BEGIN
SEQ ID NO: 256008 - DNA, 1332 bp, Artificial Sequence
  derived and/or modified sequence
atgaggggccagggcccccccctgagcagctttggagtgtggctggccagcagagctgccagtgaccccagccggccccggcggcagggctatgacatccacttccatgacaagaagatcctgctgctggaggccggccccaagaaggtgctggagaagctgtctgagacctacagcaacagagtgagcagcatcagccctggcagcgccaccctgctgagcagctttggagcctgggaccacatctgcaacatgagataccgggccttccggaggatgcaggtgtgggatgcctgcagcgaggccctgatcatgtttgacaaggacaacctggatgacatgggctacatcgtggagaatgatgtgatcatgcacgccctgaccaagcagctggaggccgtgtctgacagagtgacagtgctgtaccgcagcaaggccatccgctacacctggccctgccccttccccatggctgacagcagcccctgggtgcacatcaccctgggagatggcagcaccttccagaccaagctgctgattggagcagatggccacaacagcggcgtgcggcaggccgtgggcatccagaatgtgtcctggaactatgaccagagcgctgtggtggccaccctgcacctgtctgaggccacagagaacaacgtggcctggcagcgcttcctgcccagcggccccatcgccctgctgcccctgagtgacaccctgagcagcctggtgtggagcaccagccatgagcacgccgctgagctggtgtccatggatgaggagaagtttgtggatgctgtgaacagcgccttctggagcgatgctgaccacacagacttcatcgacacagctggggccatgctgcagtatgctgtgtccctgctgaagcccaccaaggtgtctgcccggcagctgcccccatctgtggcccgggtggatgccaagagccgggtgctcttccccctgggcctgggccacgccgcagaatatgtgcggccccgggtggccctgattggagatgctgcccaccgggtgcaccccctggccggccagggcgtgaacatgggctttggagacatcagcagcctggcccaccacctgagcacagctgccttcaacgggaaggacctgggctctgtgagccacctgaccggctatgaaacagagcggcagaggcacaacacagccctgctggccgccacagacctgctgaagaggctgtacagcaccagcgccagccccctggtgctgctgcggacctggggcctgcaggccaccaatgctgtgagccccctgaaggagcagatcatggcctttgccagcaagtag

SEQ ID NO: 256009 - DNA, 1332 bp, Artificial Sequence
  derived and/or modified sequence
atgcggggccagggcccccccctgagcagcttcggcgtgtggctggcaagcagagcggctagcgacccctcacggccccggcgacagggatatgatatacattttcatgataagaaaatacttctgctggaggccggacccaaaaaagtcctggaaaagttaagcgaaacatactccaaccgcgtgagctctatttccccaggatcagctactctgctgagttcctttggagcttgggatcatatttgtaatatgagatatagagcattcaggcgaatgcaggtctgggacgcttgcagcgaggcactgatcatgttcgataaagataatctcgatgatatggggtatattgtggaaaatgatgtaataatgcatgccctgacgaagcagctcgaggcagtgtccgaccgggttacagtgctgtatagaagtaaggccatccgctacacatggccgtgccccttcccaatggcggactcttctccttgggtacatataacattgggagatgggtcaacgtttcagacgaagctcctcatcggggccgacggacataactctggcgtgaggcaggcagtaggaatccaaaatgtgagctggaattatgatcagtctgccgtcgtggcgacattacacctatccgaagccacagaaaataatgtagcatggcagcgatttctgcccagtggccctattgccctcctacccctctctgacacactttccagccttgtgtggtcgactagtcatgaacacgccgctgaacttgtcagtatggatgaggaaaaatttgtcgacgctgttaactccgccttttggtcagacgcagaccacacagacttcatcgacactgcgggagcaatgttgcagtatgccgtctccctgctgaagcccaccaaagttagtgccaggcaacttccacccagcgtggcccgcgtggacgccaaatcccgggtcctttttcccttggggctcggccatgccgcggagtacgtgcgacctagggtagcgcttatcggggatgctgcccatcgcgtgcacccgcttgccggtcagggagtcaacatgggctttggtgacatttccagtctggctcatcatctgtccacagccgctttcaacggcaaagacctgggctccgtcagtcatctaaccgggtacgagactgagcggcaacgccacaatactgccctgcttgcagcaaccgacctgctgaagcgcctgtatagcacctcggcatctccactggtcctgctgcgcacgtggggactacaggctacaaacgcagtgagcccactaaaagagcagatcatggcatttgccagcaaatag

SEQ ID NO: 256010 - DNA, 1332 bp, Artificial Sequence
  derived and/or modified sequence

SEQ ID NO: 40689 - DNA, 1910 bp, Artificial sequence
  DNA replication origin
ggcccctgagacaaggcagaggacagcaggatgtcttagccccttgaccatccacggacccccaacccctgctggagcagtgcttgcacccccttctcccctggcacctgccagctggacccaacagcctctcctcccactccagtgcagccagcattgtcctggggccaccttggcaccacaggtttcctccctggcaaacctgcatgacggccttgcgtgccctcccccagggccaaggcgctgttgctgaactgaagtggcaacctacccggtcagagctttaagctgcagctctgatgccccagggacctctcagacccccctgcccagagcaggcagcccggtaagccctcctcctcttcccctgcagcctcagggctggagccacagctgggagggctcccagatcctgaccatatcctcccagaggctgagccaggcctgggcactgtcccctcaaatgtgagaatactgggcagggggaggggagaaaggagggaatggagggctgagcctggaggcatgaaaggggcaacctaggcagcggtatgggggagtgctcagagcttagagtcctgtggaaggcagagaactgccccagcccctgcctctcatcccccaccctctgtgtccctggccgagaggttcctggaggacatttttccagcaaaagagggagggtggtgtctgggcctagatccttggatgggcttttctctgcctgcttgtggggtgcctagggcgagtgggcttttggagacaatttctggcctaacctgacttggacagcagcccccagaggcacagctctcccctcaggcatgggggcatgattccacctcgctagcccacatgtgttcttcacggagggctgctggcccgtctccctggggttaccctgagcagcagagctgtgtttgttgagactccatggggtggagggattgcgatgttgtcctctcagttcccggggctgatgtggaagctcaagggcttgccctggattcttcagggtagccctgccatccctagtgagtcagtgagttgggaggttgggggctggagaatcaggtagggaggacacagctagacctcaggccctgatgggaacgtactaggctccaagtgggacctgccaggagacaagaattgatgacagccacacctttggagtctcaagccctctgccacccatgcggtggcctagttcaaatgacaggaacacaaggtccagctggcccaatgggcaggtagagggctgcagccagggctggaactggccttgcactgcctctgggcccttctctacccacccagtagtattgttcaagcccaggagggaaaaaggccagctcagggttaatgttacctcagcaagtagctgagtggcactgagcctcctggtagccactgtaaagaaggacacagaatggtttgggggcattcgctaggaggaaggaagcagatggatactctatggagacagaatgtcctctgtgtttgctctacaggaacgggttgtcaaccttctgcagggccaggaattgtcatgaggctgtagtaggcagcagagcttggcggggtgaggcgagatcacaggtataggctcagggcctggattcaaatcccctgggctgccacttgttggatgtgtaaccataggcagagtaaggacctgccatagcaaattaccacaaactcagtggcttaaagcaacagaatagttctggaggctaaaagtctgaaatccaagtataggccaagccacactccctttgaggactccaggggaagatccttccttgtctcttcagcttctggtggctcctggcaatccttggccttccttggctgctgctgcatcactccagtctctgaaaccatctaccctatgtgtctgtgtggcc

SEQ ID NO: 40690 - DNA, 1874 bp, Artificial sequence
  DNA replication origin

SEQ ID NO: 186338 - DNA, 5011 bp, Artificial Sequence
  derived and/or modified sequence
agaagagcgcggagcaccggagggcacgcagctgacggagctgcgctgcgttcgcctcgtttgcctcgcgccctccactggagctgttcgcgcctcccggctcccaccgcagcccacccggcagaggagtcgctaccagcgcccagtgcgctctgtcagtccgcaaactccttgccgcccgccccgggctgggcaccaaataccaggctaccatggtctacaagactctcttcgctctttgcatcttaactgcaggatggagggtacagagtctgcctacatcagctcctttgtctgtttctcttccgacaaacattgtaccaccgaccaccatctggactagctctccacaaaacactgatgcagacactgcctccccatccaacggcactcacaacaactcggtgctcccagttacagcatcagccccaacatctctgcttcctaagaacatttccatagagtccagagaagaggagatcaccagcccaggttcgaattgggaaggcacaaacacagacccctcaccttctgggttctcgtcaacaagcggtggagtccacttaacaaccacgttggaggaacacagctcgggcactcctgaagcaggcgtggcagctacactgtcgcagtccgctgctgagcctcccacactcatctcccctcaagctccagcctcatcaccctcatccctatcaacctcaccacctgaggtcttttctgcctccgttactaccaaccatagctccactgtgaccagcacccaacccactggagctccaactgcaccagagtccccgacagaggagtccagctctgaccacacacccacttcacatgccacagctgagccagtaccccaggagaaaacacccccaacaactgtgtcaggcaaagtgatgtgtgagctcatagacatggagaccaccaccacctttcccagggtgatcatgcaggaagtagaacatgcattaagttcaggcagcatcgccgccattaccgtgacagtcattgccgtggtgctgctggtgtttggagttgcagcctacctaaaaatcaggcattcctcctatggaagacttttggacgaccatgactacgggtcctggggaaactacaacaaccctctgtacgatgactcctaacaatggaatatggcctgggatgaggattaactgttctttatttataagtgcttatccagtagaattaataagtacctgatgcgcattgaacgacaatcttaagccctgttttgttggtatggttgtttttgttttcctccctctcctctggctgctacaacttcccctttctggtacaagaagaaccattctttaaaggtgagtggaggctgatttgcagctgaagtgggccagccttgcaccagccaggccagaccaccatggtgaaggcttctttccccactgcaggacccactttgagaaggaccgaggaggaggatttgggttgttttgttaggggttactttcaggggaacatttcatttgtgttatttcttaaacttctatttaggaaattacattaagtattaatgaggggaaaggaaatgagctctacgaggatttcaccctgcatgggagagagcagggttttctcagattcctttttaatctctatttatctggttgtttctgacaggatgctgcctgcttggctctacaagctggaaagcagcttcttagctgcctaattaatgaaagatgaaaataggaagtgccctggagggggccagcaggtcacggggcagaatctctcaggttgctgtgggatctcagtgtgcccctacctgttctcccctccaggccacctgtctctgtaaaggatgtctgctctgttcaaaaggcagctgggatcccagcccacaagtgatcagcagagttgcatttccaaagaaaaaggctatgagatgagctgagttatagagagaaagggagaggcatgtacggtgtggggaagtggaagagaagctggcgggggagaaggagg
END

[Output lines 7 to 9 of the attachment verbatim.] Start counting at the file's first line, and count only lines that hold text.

SEQ ID NO: 256010 - DNA, 1332 bp, Artificial Sequence
  derived and/or modified sequence

SEQ ID NO: 40689 - DNA, 1910 bp, Artificial sequence